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  • Feature

    Teach the children well

    In the West's public schools, corporations and conservationists quietly compete to control what students will learn in the largely unregulated field of environmental education.

  • Heard Around the West

    Heard around the West

    Sacajawea and York honored at last; wind farm on Nev. Test Site; 60 years stealing electricity; housing prices, traffic woes in N. Calif.; houses in Jackson Hole; drivers can't drink in Wyo.; parking ticket scofflaws in Denver; Utah atheists on war path.

  • Related Stories

    Hung out to dry

    Many of the Mexican and Mexican-American residents of Texas' border colonias lost their jobs when NAFTA moved a lot of industry south of the border.

  • Book Reviews

    The other Mexico

    In "True Tales from Another Mexico," journalist Sam Quinones explores the "unofficial Mexico" and its stubborn innovators, risk-takers and rebels, whose stories seldom make the news.

  • News

    Last stand for a roadside attraction

    Cody, Wyo., historian Bob Edgar fears that his Old Trail Town, a "virtual" frontier settlement created using relocated historic buildings and cabins, is threatened by the city's plan to buy and develop nearby open space.

  • Heard Around the West

    Heard around the West

    California; Vail's Lawn Chair Team, Idaho's Red Hot Mamas; Jackson Hole house prices; conservatives vs. Colo. Springs Independent; Utah store owner censors movies; Utah's "porn czarina"; Kane County Sheriff claims roads; Nevada's Legislature.

  • Essays

    The mythic West and the billionaire

    "Painters of the American West" museum exhibit from billionaire Philip Anschutz's collection ironically shows idealized, beautiful land, untouched by industrialists (such as Anschutz).

  • News

    Land trust becomes green developer

    In Washington, the Trust for Public Land has worked out a tentative plan to preserve 1,020 acres along the Methow River, long sought by developers.

  • Uncommon Westerners

    How to draw a duck

    Biologist Betsy Whitehill is remembered for a vibrant, loving life that included teaching Alaskan schoolchildren how to draw ducks.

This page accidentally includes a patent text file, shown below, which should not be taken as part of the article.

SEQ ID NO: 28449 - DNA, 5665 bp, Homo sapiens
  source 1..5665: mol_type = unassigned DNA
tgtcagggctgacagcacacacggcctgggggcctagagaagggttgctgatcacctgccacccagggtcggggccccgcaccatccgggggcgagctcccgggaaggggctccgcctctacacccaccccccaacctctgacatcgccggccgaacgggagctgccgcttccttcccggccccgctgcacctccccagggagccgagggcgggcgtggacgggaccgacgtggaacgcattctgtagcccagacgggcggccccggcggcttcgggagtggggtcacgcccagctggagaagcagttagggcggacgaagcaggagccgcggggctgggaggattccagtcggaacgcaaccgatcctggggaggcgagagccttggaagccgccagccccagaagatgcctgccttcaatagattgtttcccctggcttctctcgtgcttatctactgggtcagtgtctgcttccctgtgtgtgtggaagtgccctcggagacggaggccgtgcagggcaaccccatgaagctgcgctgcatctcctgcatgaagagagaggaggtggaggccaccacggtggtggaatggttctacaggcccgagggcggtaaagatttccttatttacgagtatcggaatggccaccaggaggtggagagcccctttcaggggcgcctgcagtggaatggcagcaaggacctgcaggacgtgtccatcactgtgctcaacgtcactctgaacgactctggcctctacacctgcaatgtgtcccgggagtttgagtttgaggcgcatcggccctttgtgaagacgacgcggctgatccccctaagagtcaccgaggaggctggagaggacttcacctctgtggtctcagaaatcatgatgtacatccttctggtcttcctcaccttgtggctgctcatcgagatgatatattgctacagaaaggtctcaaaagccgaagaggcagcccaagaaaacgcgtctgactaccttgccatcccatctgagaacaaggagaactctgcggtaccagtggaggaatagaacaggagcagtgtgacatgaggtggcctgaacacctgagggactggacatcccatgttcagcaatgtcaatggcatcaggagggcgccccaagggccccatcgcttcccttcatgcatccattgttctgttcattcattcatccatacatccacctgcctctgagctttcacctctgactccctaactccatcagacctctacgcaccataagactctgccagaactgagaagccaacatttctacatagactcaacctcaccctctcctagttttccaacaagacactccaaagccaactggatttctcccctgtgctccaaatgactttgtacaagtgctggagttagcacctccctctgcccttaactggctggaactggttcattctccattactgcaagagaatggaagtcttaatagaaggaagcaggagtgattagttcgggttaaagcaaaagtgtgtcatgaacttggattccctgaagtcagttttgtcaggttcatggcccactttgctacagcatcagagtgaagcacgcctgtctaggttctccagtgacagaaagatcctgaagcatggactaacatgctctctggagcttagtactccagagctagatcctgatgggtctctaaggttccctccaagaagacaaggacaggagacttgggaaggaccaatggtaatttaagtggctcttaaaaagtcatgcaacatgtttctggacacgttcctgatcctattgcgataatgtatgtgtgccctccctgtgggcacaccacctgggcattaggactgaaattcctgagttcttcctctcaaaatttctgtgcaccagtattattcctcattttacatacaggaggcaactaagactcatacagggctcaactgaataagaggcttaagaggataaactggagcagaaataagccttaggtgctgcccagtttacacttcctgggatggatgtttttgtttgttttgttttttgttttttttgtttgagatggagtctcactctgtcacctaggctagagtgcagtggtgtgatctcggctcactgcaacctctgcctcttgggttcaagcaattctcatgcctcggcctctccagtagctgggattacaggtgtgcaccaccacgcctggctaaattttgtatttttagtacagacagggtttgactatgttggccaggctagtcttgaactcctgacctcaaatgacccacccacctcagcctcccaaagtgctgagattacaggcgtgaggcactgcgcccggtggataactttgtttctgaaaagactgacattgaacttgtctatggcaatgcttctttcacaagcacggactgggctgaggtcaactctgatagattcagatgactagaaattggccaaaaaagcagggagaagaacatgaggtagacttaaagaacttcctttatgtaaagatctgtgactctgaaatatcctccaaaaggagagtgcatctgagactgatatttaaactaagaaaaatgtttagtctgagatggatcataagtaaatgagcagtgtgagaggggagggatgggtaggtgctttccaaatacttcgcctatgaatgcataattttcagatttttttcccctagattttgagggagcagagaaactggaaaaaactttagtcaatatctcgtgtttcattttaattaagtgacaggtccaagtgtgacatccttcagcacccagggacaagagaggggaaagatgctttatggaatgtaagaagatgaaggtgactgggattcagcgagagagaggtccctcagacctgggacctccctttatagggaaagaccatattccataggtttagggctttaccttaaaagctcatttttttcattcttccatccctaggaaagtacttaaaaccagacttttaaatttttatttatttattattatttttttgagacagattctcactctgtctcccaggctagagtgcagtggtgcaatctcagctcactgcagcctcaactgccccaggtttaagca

• Heard Around the West

    Heard around the West

    Arcata, Calif., "eco-house"; metal pink pig in Joseph, Ore., gets the boot; tidying up utility poles in Portland, Ore.; fancy fruit gift boxes; sagebrush seed rustlers caught in Hanford, Wash.; Reno comedians replaced by bingo.

  • Book Reviews

    Assessing Sunbelt sprawl

    A new report by the Morrison Institute for Public Policy at Arizona State University, "Hits and Misses: Fast Growth in Metropolitan Phoenix," takes a hard look at the rapid growth of the sprawling Sunbelt metropolis.

  • Book Reviews

    Men without women

    "Speaking through the Aspens: Basque Tree Carvings in California and Nevada," by J. Mallea-Olaetxe, studies and celebrates the 'arborglyphs' left on tree trunks by lonesome Basque sheepherders over the last century.

  • Book Reviews

    Easement saves artifacts

    A new kind of easement, put together by the Montezuma Land Conservancy and landowner Don Dove, will protect ruins and buried artifacts on archaeologically rich land near Cortez, Colorado.

  • Heard Around the West

    Heard around the West

    Anti-environmental jargon; carless in Seattle; homeowners vs. hikers on trail near Seattle; better cow-herding through electricity; sagebrush seed rustling; half.com, Ore.; learning from moose poop.

  • Book Reviews

    X-rated on the rocks

    "The Serpent and the Sacred Fire: Fertility Images in Southwest Rock Art," by Dennis Slifer, takes a look at the sexual imagery of much Southwestern rock art.

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